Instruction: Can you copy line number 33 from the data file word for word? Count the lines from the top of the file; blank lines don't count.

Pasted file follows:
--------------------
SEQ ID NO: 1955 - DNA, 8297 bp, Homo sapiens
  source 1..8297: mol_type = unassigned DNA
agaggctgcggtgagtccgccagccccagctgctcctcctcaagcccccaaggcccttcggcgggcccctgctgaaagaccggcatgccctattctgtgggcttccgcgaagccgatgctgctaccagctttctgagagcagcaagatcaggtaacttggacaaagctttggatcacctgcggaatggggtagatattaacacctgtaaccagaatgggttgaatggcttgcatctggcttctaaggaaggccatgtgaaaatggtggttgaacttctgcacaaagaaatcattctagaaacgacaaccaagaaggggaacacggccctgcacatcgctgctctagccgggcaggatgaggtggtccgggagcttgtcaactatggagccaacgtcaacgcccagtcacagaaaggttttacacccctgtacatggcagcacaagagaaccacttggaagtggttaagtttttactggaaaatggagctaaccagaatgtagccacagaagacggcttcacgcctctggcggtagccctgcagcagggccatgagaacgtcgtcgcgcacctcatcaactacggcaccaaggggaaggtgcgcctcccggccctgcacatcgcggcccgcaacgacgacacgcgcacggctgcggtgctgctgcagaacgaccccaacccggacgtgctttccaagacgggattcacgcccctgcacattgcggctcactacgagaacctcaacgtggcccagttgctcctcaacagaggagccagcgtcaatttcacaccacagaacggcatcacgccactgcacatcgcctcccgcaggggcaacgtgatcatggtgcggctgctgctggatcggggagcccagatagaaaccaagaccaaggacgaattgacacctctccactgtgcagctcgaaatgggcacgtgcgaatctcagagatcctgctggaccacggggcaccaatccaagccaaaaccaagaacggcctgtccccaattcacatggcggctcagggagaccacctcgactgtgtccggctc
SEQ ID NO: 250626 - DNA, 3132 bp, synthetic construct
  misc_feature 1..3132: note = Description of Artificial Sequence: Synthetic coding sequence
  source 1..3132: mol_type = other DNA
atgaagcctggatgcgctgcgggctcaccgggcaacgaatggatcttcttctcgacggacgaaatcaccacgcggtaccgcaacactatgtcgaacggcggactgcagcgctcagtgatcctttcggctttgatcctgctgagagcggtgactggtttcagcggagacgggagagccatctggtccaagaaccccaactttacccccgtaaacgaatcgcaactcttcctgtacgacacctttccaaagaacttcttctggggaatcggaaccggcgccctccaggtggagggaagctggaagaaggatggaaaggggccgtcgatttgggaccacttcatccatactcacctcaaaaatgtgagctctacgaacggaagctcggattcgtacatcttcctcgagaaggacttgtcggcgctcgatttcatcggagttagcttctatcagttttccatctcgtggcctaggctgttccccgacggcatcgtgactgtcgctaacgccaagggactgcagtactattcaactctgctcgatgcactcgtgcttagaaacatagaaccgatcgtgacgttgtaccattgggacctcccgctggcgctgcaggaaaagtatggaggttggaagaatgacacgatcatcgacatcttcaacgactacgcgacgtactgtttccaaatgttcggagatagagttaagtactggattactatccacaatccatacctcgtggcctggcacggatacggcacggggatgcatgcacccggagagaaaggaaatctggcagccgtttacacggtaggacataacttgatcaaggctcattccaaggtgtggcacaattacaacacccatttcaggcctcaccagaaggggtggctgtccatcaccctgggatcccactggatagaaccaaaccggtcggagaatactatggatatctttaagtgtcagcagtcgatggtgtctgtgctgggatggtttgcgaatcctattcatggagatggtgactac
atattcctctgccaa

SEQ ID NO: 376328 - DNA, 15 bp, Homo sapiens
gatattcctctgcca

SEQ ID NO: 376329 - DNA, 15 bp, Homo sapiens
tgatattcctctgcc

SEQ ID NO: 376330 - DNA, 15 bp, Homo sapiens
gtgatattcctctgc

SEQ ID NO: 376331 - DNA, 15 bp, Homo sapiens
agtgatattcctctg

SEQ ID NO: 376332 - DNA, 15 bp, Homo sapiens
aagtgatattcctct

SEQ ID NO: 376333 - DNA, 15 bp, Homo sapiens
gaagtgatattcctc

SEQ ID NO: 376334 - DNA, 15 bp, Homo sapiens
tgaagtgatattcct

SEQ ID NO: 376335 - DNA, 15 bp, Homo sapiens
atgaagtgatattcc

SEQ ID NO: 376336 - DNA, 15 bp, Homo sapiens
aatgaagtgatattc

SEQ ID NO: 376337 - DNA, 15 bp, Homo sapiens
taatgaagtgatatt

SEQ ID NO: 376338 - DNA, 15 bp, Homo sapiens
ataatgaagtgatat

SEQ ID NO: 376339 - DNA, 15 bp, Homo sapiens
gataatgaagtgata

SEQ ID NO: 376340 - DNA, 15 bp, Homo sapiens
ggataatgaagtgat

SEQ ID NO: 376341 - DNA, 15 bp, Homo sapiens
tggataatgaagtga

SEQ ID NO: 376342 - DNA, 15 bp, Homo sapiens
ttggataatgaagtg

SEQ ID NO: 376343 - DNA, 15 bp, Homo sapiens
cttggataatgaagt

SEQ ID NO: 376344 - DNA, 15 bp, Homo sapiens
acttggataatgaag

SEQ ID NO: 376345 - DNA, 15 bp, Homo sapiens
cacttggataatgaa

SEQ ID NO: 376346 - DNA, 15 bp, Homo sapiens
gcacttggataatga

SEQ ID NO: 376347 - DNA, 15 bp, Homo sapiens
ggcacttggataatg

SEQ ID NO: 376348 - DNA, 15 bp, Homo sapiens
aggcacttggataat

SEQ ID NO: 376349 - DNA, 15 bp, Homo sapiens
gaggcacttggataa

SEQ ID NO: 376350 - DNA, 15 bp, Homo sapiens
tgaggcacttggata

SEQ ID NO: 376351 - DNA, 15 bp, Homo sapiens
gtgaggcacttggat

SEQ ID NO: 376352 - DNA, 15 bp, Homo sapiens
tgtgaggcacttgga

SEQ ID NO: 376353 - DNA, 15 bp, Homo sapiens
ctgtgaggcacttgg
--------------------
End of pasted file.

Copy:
SEQ ID NO: 376340 - DNA, 15 bp, Homo sapiens